Permanent life insurance goes along with an investment component, but it shouldn’t be relied on for retirement. A 401(k) is a less expensive alternative that delivers greater returns.
Most Americans save for retirement using a 401(k) provided by their employer, a Roth IRA, or a combination of both. Other standard investment accounts may be used to supplement those savings. Indexed universal life insurance, for example, can assist you in saving for retirement.
What is Life Insurance in 401(k)?
Life insurance may not be owned in a simplified employee pension or IRA, but IRS rules allow them in certain profit sharing and defined-benefit plans. These plans are usually difficult to manage and must follow strict criteria that limit the life insurance’s role to being “incidental” to the plan’s retirement benefits.
Life insurance vs. 401(k)
The use of life insurance to save for retirement isn’t usually advised, but it does have two advantages over a 401(k).
- Guaranteed interest: Although a 401(k) does not include an interest rate, most policies stipulate at least a minimal amount of 0%. This can help you avoid losses if the stock market falls unexpectedly.
- Liquidity: A policy’s cash value may be accessed at any moment, but 401(k) withdrawals before age 59-½ carry a 10% penalty as well as income taxes.
The disadvantages frequently outweigh the benefits of purchasing life insurance to save for retirement.
- High fees: Management fees are usually more than you’d find in a 401(k). A 401(k) has a typical expense ratio of 0.50%, while indexed universal life insurance might charge 3% or more.
- High premiums: A $500,000, 20-year term plan for 45-year-old male costs approximately $97.97 per month. A $500,000 whole life policy for the same profile would cost more than $827 per month.
- Low rates of return: Employee 401(k)s have grown by an average of 13.9% per year. This is much more than the 2-3% you would earn on a permanent policy.
Over time, these variances accumulate. The costs listed above would amount to $250 per year in a 401(k) versus $1,500 per year in life insurance when applied to $50,000 in savings.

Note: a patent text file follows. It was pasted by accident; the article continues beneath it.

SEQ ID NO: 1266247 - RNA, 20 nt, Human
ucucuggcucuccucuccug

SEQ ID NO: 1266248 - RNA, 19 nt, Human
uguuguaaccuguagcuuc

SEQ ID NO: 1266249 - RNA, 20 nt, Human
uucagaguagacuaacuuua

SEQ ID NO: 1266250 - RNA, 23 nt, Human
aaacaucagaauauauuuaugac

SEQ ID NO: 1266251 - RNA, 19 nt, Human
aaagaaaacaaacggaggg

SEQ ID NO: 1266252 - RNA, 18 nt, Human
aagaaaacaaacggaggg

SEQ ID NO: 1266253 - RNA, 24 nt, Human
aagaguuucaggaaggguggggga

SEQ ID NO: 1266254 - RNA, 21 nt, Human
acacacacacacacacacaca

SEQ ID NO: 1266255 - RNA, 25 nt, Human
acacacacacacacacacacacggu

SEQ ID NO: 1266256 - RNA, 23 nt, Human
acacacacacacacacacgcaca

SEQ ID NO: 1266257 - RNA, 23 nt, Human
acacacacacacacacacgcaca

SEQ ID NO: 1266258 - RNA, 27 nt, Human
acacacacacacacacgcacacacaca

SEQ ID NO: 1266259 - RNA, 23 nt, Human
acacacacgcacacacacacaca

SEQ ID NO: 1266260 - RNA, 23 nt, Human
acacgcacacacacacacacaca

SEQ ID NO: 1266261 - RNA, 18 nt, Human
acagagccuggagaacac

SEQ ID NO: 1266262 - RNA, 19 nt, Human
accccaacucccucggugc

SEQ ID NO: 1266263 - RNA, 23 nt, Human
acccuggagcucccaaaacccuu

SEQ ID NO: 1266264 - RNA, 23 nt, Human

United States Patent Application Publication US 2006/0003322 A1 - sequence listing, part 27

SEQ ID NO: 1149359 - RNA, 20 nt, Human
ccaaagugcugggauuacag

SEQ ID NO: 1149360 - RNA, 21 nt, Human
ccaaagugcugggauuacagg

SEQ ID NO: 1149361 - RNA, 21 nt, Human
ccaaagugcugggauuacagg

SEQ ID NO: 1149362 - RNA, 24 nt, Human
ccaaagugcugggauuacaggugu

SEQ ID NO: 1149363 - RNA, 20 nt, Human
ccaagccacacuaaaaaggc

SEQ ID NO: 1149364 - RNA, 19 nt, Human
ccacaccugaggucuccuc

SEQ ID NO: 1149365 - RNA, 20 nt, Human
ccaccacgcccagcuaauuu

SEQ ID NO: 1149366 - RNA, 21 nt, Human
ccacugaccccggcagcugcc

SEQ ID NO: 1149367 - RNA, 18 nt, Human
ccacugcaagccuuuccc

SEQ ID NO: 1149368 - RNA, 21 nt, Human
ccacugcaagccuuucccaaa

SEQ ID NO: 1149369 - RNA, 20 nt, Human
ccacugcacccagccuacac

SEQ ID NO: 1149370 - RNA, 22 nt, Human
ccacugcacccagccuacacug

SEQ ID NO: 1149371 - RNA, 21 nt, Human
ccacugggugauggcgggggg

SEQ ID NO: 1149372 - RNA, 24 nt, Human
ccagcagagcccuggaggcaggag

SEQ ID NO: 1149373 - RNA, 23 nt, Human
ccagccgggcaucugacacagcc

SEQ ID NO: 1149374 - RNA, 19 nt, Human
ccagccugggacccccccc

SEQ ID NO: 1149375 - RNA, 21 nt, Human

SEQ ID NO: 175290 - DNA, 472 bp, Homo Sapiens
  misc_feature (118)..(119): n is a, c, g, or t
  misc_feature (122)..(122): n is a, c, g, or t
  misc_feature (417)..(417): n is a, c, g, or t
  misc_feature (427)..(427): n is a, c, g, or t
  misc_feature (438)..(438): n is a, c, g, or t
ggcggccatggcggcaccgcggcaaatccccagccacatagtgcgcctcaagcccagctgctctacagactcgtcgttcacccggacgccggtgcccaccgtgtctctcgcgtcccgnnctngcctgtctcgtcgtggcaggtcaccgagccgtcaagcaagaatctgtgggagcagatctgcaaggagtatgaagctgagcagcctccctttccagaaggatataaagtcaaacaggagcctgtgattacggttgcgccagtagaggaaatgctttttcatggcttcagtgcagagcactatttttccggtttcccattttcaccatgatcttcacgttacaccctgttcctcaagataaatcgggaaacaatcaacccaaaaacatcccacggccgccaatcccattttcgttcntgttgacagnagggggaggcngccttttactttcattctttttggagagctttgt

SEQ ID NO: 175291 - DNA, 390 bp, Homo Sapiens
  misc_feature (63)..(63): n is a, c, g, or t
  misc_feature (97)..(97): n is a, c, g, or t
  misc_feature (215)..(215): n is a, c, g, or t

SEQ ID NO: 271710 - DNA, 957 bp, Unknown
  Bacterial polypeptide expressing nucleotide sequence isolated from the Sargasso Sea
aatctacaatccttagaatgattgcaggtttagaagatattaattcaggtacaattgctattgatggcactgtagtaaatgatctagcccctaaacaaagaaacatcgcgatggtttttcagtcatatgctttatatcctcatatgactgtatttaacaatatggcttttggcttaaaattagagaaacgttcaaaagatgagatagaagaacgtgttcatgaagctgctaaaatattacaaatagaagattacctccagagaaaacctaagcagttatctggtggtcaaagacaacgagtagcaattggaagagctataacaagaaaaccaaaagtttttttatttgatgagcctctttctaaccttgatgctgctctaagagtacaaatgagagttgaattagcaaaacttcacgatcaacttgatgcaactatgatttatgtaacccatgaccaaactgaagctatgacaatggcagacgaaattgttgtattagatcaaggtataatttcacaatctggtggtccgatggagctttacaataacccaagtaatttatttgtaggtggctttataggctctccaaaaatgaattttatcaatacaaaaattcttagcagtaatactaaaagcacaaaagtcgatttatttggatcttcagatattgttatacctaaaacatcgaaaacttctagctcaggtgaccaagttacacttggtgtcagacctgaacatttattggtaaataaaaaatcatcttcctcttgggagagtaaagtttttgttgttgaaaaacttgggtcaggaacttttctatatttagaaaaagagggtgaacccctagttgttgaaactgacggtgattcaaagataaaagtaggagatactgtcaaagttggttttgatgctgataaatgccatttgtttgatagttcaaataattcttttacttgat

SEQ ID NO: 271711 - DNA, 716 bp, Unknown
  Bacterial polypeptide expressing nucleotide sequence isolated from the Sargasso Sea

Similarly, you could expect investment growth of $6,950 a year at 13.9% interest versus $1,500 a year at 3% interest, and you’d spend $729 more on life insurance each month to have whole life coverage.
How Much Does Life Insurance Cost?
Your life insurance premium is influenced by a variety of elements, including your age, gender, general health, the kind and duration of the policy you choose, as well as how much coverage you get.
Your rate will be lesser if you are in good health and younger. Women are typically less costly to insure since they have a longer life expectancy than men. Rates vary among firms, although not to the same extent for similar policy kinds and features, so comparing life insurance rates from several companies might help you save money.
When it comes to life insurance, determining the average cost might be difficult. Life insurers don’t publish premium information (other than the total amount of premium they write in a year), which may be for policyholders’ privacy.
The average price of life insurance from a certain organization would usually reflect the age and health of its policyholders. A firm with higher average premiums may be insuring either older clients, those with poor health, or a combination of both. On the other hand, revealing fair price information might jeopardize a company’s insureds’ privacy.
When to Use Life Insurance for Retirement Savings
Before you take a LIRP, make sure you limit out your retirement account contributions every year—that’s $19,500 for 401(k)s and $6,000 for Roth IRAs. If you wish for the same level of protection for your family that a traditional life insurance policy provides, a LIRP makes sense.
The majority of people do not require life insurance to augment their retirement funds. Permanent plans are five to 15 times more expensive than term policies, making it more cost-effective to invest in a different retirement account or post-tax investment account and purchase inexpensive, easy-to-cancel term life insurance coverage.
How to Use Life Insurance for Retirement Savings
You’ll need to have a permanent insurance policy if you opt for life insurance in your retirement plan. Each kind of policy has varying features, but the most important distinction is that they all earn interest in a distinct way.
Although whole life insurance has the greatest stability and simplicity of all investments, it will most likely return less interest than a riskier universal life insurance policy. Indexed universal life insurance is another possible alternative that offers (relatively) rapid cash value growth.